What the United States Can Learn from Japan Inc.

Japan-watchers may be forgiven for coming to believe that the tight connections between the Japanese government and businesses, long referred to as Japan Inc., have unraveled over the years. Or at least been relaxed.

But today’s news that the Japanese government has seized the lead role in buying Toshiba’s semiconductor business shows that old tendencies die hard. It’s not the old Ministry of Trade and Industry (MITI) that is orchestrating the purchase. It’s one step more subtle. The government-backed investment fund, Innovation Network Corp. of Japan, is taking the lead in buying the chip business with financial support from the Development Bank of Japan, which is government-owned.

It’s hard to fault the Japanese government for being worried that the semiconductor technology could be purchased or otherwise obtained by the Chinese, giving a major boost to the mainland’s semiconductor industry. The Chinese government is spending billions of dollars in an effort to upgrade its domestic semiconductor industry and escape dependence on foreign chip firms that still dominate the Chinese market.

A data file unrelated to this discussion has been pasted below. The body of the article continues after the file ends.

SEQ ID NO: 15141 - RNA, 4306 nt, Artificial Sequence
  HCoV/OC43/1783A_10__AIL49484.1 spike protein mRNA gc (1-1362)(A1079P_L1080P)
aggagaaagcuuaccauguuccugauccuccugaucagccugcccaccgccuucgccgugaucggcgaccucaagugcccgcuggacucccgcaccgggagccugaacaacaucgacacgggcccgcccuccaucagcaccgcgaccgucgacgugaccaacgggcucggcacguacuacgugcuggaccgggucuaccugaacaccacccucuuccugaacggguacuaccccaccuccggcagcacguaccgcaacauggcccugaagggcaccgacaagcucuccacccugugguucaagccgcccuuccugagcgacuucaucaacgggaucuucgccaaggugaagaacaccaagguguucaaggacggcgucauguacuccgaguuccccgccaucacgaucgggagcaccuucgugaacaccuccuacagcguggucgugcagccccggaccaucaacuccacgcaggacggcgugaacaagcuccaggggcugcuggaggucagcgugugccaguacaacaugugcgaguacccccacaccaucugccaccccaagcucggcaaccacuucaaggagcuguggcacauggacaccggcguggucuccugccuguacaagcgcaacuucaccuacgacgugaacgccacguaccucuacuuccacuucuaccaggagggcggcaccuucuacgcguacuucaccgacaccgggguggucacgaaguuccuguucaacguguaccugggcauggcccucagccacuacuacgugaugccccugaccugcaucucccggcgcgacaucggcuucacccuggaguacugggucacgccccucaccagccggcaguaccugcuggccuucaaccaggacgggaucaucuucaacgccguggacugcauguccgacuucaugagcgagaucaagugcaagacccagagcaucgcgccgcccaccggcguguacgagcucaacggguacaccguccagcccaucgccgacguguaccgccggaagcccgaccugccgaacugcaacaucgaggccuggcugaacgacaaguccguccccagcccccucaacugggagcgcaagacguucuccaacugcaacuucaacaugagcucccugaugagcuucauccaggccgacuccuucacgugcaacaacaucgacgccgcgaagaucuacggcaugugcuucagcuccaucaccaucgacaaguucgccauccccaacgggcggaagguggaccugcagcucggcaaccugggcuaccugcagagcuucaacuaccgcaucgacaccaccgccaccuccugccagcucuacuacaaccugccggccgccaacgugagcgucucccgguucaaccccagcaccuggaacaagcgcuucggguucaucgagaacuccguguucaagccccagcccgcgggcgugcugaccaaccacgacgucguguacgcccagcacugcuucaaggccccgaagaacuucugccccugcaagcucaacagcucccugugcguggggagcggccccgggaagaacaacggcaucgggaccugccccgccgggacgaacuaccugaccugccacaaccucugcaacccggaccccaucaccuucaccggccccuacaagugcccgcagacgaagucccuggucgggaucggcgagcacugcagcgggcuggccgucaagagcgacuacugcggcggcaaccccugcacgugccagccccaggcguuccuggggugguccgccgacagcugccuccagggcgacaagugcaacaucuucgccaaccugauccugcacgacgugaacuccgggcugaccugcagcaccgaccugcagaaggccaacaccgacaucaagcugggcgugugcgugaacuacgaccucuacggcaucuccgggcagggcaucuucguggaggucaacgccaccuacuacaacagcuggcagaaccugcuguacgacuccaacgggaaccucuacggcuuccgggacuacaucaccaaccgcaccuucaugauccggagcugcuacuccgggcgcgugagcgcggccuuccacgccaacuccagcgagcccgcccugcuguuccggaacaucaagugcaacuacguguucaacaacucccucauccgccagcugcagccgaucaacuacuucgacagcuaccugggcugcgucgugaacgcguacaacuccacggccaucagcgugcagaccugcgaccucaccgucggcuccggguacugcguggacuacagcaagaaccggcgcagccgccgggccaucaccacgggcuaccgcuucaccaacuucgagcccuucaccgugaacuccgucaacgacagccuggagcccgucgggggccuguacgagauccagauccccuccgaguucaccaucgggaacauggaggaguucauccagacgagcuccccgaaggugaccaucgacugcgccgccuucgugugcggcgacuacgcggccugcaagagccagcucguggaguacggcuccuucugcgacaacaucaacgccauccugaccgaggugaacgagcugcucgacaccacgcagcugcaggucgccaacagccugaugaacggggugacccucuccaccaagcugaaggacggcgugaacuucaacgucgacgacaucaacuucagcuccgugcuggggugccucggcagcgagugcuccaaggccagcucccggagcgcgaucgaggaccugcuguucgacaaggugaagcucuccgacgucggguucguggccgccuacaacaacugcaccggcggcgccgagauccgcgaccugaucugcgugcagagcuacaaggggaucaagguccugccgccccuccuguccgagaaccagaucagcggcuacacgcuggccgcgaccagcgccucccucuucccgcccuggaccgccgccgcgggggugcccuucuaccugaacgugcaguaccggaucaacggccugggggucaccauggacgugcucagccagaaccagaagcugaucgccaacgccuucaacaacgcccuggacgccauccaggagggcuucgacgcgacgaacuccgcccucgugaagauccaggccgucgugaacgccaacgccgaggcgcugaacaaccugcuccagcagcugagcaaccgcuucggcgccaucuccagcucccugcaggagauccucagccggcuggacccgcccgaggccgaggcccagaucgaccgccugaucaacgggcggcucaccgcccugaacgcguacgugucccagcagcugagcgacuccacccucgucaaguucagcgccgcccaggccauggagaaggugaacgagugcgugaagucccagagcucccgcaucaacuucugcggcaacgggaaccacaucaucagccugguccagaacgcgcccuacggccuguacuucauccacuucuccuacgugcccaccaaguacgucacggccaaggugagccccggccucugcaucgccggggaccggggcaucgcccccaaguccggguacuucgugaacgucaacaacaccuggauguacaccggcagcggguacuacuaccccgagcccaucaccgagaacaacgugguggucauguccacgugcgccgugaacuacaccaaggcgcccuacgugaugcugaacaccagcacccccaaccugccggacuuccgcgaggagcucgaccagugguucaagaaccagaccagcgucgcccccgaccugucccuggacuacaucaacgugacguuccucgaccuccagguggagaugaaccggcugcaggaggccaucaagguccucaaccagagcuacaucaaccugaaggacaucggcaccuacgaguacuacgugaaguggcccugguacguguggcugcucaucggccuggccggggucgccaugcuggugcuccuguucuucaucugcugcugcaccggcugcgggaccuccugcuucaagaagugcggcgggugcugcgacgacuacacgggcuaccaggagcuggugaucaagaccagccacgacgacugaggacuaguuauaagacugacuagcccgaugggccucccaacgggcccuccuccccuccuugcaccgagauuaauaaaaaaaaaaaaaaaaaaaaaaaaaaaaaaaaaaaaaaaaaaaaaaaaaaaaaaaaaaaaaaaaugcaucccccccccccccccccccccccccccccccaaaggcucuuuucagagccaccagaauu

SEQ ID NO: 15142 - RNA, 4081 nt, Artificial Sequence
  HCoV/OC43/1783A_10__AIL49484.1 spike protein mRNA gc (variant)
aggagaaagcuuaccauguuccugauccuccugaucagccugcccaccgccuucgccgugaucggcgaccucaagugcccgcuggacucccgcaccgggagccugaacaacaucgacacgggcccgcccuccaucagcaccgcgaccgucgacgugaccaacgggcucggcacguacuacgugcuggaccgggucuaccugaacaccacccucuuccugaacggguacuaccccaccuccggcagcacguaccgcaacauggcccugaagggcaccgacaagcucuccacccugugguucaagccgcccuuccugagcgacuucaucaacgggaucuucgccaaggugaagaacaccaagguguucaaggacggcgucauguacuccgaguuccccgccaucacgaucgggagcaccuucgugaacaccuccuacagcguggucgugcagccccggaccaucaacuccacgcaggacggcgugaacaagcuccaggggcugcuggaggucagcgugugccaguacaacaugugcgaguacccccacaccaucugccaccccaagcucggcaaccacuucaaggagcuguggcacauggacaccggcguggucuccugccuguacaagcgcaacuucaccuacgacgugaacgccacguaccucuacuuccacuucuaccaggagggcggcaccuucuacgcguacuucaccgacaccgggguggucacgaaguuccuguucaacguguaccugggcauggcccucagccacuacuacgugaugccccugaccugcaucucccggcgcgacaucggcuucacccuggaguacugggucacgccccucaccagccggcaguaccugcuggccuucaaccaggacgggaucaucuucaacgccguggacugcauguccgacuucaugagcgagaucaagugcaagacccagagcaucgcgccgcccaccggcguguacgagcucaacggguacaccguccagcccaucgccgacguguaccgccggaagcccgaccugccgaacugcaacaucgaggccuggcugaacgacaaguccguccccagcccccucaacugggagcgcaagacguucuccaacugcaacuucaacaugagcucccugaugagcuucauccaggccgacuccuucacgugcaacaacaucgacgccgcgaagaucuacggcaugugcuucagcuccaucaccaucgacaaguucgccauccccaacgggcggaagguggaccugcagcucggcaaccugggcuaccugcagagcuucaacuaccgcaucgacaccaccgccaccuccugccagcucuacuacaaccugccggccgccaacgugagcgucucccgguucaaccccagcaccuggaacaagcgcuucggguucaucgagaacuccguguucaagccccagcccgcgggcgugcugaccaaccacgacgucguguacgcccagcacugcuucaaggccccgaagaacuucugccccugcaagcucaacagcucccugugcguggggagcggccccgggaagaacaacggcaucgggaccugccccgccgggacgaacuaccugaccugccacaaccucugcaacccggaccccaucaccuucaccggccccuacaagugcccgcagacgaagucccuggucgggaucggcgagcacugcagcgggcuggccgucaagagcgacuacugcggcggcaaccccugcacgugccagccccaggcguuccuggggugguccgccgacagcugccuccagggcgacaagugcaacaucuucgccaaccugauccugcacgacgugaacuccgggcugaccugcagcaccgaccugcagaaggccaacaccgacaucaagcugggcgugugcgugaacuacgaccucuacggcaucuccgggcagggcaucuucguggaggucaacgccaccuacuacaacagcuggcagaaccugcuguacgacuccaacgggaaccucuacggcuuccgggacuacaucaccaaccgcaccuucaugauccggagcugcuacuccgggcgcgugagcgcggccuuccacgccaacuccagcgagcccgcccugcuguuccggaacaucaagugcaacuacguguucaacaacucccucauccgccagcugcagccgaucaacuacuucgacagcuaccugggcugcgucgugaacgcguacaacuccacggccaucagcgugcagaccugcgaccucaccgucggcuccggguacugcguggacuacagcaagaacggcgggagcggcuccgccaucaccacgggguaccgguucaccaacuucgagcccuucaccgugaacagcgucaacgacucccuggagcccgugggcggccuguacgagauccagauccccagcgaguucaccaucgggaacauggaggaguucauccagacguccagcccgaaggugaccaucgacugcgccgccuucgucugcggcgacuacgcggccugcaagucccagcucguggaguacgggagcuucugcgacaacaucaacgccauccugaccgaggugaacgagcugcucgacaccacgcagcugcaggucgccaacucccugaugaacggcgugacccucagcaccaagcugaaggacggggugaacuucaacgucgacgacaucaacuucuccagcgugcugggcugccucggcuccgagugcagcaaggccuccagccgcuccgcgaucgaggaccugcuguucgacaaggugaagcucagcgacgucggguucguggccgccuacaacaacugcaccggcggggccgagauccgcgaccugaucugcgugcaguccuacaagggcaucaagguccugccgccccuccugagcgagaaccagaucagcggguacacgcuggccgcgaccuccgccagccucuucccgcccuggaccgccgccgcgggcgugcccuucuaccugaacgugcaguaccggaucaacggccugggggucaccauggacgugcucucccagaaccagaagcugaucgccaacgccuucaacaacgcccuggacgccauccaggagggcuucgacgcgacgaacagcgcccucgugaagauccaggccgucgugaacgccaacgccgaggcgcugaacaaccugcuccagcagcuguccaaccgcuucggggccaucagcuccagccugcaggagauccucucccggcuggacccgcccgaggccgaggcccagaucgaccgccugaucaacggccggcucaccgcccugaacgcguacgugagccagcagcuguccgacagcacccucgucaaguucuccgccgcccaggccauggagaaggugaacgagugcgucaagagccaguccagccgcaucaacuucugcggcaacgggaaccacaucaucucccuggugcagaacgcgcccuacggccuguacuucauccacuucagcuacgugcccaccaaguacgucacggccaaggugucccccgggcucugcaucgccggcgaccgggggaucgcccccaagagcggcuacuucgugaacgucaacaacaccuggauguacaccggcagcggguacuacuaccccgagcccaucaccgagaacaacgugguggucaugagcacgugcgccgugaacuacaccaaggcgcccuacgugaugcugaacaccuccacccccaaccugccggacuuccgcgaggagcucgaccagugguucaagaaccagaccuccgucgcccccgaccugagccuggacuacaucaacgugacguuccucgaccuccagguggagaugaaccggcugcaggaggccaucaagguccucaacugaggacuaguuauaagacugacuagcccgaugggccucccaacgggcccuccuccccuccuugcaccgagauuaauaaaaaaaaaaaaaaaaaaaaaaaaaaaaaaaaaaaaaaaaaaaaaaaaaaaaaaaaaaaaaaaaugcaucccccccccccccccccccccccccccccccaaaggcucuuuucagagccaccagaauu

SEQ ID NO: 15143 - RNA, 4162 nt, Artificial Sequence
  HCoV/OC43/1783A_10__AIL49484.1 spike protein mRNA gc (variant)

I only wish that we Americans would think a bit more strategically about our own technology. At a Silicon Dragon event yesterday in New York, I learned that the Chinese have penetrated the American technology base and are spending billions of dollars to obtain control of technologies associated with semiconductors, artificial intelligence, autonomous driving, virtual reality, robotics and other technologies of the future.

Rather than faulting Japan Inc., as I did in the old days, I’ve come to believe that it is only sensible for a nation to defend strategically sensitive technologies. We need to break through our ideological confusion and recognize that we need an America, Inc.



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